“Fossil fuels are a double threat to the lesser prairie chicken,” he said. “They’re a leading cause of habitat loss, and the main cause of the warming that’s making the world increasingly inhospitable for these special birds, and all of us, too.”
The Fish and Wildlife Service listed the chicken as threatened in 2014, after a petition from the Center for Biological Diversity in 1995 and a series of lawsuits, but the listing was vacated after challenges from the oil and gas industry.
The Center petitioned for the species to be listed as endangered in 2016, then sued again in April 2021, leading to the latest proposal.
In the notification of intent to sue, the Center said the Fish and Wildlife Service and parent agency the U.S. Interior Department and Interior Secretary Deb Haaland had so far failed to adequately protect the bird as required by federal law.
“The Service has abrogated its duty to ensure that the Southern DPS and Northern DPS of the lesser prairie chicken are timely protected, in violation of Section 4 of the ESA,” read the notice.
“If the Secretary does not timely finalize this rule or contact us to develop a timeline within the next 60 days, the Center intends to file suit to enforce the Act.”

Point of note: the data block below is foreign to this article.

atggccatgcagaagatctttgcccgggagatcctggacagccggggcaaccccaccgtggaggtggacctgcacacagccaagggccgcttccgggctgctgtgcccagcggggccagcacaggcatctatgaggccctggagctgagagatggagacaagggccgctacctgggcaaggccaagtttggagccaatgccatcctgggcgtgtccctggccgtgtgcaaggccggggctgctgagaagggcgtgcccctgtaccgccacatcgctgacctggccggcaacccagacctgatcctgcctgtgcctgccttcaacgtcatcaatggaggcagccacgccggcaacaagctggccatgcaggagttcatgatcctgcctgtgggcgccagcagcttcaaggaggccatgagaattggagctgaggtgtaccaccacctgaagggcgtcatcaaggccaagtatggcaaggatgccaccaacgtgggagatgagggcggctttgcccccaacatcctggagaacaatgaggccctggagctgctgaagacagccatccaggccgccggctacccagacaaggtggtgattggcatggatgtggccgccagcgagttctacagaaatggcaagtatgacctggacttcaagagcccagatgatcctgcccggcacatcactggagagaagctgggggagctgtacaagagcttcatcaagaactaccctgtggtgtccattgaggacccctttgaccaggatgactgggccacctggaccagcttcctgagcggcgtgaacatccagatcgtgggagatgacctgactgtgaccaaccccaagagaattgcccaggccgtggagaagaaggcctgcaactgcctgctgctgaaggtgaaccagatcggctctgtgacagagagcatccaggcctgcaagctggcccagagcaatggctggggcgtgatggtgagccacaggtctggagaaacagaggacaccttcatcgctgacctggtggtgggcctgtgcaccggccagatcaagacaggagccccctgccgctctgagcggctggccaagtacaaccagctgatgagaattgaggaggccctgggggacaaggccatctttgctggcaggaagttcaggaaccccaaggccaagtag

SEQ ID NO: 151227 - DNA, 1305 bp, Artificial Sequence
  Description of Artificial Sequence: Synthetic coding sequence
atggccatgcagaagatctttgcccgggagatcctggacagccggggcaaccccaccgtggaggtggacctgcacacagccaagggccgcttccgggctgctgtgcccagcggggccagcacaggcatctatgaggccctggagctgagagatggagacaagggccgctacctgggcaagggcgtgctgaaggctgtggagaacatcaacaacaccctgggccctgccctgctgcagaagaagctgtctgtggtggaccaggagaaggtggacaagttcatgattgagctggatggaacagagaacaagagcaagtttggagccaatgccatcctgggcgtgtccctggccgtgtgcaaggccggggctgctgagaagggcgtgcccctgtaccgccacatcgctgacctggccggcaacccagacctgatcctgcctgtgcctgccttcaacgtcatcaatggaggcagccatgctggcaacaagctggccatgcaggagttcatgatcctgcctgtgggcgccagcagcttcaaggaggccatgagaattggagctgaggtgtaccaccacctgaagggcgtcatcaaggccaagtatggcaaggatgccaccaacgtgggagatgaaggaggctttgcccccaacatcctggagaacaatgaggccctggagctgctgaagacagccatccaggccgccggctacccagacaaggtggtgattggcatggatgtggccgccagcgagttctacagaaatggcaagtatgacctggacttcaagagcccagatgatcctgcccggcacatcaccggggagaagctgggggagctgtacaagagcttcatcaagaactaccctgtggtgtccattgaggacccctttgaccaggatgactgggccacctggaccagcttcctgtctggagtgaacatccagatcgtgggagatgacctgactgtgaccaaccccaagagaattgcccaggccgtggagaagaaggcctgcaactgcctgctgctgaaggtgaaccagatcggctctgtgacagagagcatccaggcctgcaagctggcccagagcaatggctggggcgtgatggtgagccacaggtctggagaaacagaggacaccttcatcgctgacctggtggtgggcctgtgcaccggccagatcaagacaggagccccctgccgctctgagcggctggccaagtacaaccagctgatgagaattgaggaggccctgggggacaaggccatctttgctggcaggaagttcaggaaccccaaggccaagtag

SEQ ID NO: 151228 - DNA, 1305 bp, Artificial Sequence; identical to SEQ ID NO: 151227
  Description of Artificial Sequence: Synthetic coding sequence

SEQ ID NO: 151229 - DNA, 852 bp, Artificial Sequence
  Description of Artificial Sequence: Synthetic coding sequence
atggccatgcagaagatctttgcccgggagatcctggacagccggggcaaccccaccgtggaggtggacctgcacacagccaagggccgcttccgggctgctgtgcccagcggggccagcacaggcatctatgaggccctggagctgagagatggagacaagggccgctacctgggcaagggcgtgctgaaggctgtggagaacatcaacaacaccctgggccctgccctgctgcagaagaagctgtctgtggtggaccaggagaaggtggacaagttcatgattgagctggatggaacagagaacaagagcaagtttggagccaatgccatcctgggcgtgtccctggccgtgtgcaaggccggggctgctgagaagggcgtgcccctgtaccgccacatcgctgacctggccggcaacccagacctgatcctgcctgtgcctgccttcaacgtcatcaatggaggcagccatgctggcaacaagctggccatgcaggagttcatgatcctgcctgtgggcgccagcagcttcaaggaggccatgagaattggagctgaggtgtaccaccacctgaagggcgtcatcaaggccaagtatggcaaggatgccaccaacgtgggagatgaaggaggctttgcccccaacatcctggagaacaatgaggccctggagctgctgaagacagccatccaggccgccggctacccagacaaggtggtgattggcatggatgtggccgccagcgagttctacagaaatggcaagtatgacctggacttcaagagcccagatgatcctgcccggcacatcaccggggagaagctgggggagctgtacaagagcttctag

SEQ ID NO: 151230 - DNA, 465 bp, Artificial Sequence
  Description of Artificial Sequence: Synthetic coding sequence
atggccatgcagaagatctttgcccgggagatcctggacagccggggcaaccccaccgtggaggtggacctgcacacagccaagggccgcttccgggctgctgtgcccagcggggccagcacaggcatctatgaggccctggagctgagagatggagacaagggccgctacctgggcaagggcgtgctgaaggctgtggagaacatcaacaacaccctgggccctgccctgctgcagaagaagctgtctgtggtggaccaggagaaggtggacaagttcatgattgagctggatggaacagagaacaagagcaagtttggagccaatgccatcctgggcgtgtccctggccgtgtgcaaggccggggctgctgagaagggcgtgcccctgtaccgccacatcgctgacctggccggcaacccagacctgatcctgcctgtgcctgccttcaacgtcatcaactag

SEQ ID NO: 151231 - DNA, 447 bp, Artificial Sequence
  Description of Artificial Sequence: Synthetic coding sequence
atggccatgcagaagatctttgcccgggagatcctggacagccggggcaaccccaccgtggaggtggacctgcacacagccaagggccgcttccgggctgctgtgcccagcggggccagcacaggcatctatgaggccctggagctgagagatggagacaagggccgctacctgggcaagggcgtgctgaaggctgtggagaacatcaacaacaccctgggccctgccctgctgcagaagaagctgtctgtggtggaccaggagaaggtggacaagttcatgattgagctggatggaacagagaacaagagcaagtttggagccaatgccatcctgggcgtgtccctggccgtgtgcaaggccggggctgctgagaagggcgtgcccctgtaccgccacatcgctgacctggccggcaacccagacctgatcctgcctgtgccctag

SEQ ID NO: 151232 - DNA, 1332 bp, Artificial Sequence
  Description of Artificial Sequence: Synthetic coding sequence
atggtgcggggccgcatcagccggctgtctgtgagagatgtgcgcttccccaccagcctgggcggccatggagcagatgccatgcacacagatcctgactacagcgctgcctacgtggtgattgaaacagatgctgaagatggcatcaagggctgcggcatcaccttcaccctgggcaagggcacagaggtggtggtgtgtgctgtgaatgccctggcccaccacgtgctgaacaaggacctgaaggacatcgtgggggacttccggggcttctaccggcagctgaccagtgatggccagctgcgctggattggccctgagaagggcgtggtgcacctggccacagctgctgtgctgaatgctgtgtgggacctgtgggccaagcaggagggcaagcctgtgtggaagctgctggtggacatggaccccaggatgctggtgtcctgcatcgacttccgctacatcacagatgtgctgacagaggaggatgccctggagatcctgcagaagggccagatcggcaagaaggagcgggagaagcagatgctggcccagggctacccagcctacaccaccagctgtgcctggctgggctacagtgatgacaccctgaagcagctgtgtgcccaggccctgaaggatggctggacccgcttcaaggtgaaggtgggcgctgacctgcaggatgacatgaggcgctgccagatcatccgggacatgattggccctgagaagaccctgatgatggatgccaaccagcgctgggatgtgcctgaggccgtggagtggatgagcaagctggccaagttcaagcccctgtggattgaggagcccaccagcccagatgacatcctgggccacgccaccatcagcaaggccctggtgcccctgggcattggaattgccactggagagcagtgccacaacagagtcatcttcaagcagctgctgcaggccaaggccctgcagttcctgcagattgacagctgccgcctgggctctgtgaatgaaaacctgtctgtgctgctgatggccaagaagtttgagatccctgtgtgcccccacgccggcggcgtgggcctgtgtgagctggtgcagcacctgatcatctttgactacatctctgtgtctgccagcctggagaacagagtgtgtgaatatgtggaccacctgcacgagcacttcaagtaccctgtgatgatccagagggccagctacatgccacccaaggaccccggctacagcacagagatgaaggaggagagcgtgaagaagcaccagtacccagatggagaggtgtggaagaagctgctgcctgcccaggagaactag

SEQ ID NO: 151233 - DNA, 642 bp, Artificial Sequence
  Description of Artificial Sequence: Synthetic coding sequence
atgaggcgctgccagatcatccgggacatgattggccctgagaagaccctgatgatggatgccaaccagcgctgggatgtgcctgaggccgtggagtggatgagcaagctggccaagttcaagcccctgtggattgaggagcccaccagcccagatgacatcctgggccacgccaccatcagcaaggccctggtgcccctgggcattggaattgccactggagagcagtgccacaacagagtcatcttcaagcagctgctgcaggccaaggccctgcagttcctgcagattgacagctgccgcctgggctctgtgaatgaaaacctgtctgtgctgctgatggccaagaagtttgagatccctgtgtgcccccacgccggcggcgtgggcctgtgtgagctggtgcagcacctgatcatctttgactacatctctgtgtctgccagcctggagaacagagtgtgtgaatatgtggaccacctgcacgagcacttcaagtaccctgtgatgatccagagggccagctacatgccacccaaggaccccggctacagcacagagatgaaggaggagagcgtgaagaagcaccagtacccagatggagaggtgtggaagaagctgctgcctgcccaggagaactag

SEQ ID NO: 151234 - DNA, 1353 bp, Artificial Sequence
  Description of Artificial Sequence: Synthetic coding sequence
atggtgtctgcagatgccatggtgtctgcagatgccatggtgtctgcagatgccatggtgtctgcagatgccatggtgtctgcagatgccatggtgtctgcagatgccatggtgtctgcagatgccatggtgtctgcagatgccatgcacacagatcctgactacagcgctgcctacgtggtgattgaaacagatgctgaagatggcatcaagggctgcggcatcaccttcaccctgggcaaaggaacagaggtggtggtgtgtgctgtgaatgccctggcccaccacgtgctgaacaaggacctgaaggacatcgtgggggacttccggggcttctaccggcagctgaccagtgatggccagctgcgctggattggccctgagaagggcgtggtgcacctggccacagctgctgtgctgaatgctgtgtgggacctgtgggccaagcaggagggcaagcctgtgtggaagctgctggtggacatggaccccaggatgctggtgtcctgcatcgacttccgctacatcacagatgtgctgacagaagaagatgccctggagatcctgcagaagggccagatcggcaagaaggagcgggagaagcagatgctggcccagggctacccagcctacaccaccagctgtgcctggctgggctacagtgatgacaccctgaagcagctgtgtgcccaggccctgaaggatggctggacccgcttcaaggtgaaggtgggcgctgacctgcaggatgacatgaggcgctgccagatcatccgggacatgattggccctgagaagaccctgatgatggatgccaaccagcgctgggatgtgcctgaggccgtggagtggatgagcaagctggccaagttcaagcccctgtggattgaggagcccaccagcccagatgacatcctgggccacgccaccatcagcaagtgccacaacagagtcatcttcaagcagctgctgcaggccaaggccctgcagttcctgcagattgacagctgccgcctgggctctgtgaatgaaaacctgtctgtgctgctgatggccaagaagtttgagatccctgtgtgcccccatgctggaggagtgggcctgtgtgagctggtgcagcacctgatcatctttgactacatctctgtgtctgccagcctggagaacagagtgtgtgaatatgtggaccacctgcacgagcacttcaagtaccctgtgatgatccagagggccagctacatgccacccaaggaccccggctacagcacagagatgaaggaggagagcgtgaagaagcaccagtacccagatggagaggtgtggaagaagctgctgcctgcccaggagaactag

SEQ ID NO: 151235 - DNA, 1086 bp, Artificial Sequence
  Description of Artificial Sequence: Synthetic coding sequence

Listing the lesser prairie chicken, and the potential restrictions on development that could follow, became controversial as leaders and supporters of industries like oil and gas and agriculture argued such federal action could stymie development which they said was crucial to New Mexico’s economy.
The southern DPS, where the toughest restrictions could be should the proposal be enacted, covers portions of the Permian Basin – the U.S.’ busiest fossil fuels region that makes up almost half of total American crude oil output.
Eddy County commissioners, in a letter to the Fish and Wildlife Service upon its publication of the initial proposal, argued the oil and gas industry and other land users already took adequate steps to prevent impacts to the chicken.
Those efforts took the form of candidate conservation agreements − contracts between land users and the Fish and Wildlife Service that entail landowners taking specific conservation efforts in exchange for limiting future restrictions should a listing be enacted.
The Center for Excellence (CEHMM), a Carlsbad-based non-profit, that facilitates these agreements, reported in the second quarter of 2022 several projects were complete to remove tall structures like windmills from the chicken’s range, and add fencing to prevent encroachment on its habitat.
CEHMM’s records show about 2.5 million acres of land were enrolled in the agreements for lesser prairie chicken protection including industry, government and privately-owned lands.
“Eddy County believes that conservation efforts put on the ground through various industry efforts to enhance the habitat for the LPC in New Mexico over the last several years will show that the overall trend for the bird is improving and that a listing decision as endangered is not warranted,” the letter read.
Adrian Hedden can be reached at 575-628-5516, [email protected] or @AdrianHedden on Twitter.